If you want to write, you need to set aside the time, every day if possible, to do so. Try to find the time when you’re naturally most creative. Write about the things that make you emotional – whether that means being frightened, or amused, or just deeply engaged. If you’re really determined to succeed, stay with it, no matter how frequent and/or coarse the rejections. Find friends who also like to write and who love to read. Support them by offering your candid thoughts on what they’re doing and welcoming the same from them. Be easy on yourself when you get frustrated, but push yourself toward constant improvement and an open mind about what constitutes true quality.
- What type of books do you enjoy reading?
I typically read thrillers and stories driven by rapid pacing and suspense because these are the types of books I enjoy and strive to write. Every once in awhile I’ll read something that strays into the “literary” category, but I almost never read anything described as “a cozy mystery” or about a private eye who drinks a lot (unless it’s written by Dennis Lehane or unless I’m re-reading Raymond Chandler’s stories).
- Is there anything else besides writing you think people would find interesting about you?
People close to me say I’m a good listener, which is probably true since I like to listen for awhile before I say anything. I’m relentlessly optimistic – which is partly the way I’m wired but also a conscious choice. I’m ridiculously spacey – am obsessed with this crazy and scary scenario where I lose my wallet the day I’m supposed to get on a plane and fly somewhere, or losing it right after I’ve landed and before I’ve checked into my hotel. I daydream a good bit of every day worrying about worst-case scenarios. I have cocktails at the end of every day, preferably accompanied by good conversation, a good book, or some amazing offering on Netflix or Amazon. I have a day job with a huge amount of responsibility, but act pretty goofy there, which is OK because everyone around me’s pretty cool.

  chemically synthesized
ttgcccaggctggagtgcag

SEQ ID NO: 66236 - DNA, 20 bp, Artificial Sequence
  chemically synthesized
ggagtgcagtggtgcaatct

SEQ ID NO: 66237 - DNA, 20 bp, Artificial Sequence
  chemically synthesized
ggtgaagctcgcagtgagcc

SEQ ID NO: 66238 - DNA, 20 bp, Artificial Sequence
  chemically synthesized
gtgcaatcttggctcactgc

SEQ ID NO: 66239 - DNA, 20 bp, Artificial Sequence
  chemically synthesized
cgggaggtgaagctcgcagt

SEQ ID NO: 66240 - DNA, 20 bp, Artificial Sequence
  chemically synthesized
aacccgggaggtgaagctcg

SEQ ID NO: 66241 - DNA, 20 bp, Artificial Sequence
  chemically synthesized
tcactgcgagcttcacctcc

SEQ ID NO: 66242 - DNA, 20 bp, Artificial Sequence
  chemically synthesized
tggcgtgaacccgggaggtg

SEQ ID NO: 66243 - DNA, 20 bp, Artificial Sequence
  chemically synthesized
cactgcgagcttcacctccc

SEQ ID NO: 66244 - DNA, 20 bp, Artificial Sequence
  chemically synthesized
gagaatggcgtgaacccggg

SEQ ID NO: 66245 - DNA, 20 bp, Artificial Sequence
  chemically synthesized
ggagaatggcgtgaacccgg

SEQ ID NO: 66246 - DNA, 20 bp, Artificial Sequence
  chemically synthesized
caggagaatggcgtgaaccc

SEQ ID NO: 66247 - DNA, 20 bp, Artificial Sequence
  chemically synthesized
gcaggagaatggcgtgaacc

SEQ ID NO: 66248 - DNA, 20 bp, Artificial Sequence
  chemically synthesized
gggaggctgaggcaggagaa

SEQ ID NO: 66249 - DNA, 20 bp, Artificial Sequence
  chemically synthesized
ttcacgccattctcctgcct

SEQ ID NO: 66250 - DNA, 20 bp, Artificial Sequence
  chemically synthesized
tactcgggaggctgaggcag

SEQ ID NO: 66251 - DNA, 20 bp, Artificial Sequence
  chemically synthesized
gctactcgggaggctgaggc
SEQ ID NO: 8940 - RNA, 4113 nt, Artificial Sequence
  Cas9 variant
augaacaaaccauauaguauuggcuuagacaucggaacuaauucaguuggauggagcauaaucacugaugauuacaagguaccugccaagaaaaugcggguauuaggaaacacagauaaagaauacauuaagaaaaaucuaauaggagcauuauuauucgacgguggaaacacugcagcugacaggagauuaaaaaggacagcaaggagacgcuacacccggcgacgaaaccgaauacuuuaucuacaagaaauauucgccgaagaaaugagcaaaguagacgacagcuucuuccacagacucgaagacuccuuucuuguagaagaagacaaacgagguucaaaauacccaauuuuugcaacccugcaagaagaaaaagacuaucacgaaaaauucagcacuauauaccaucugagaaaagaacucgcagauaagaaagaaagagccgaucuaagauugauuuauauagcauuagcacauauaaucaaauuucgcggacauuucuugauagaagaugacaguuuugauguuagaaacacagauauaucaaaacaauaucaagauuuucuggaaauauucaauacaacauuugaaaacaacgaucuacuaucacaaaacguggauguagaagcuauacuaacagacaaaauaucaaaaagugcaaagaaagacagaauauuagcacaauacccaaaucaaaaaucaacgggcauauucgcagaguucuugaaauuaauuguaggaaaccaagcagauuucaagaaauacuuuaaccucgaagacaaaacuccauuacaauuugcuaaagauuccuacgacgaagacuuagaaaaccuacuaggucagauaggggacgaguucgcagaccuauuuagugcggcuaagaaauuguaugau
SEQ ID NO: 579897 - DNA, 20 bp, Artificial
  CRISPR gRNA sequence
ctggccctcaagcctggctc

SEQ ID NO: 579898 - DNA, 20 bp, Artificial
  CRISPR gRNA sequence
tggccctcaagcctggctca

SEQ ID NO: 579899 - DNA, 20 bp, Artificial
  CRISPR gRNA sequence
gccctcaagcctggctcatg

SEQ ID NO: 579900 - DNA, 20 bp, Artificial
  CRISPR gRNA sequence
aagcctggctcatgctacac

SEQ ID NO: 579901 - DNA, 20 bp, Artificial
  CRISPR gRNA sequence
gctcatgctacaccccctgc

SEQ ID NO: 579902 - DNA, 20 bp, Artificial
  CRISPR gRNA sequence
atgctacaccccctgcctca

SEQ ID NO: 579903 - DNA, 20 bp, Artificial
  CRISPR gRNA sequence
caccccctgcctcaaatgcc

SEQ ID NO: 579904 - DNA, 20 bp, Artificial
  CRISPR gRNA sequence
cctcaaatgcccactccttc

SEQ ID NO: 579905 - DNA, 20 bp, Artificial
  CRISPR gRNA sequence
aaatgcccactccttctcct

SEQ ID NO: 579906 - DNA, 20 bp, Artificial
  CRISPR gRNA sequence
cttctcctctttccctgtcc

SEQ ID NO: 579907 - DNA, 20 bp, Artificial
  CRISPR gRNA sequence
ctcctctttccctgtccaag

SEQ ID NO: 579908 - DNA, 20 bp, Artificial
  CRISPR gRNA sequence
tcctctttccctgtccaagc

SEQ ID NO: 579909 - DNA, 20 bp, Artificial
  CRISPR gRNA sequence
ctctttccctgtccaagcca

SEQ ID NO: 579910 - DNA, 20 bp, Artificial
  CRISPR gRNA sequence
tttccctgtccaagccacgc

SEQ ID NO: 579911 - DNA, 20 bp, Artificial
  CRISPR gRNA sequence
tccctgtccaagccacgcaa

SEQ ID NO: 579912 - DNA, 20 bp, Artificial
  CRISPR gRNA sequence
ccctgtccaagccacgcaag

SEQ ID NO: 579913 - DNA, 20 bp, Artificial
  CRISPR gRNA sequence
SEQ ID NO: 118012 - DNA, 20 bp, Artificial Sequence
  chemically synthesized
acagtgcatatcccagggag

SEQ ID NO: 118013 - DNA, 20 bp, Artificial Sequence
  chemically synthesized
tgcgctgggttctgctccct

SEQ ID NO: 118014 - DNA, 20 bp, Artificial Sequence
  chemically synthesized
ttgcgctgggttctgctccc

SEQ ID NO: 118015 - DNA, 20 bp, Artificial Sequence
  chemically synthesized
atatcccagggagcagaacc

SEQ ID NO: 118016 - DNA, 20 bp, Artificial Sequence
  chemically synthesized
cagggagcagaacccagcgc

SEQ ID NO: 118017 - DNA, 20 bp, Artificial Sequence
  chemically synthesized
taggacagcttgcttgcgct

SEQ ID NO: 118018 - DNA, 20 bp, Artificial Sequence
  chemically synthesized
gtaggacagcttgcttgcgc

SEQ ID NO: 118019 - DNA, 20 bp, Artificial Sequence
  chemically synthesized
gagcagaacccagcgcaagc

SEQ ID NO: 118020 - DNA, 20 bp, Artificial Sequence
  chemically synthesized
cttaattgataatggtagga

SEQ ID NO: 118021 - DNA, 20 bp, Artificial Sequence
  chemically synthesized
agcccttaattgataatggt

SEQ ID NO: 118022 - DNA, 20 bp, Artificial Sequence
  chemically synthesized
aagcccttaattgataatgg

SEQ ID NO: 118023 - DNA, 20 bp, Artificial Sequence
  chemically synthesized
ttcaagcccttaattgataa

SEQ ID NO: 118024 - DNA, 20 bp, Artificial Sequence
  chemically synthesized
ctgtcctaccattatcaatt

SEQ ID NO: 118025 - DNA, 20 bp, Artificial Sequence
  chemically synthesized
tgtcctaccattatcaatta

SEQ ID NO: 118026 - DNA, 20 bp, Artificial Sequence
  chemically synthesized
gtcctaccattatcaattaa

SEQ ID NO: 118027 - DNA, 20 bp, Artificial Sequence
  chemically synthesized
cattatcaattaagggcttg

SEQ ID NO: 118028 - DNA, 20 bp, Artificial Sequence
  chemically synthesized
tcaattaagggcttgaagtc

- What are the best ways to connect with you, or find out more about your work?
I love hearing from readers and connecting with other writers. I’m especially interested in knowing what readers think about the morally and legally-questionable choices made by Stephen Porter in Fatal Option. I want to know what they would have done in the same situation, and why. I can be reached by email at firstname.lastname@example.org, and via Facebook. I also have a web site at www.chrisbeakey.com, and a blog where I post my short stories, novel excerpts and book reviews at www.blog.chrisbeakey.com.
About the Author:
Chris Beakey tells stories of good people caught in bad places. He writes fiction from his homes in Washington, D.C. and Lewes, Delaware, as well as nonfiction as a ghostwriter for an organization that promotes bipartisan policies that strengthen the nation through smart investments in youth. His first, novel, Double Abduction, was a finalist for the Lambda Literary Award.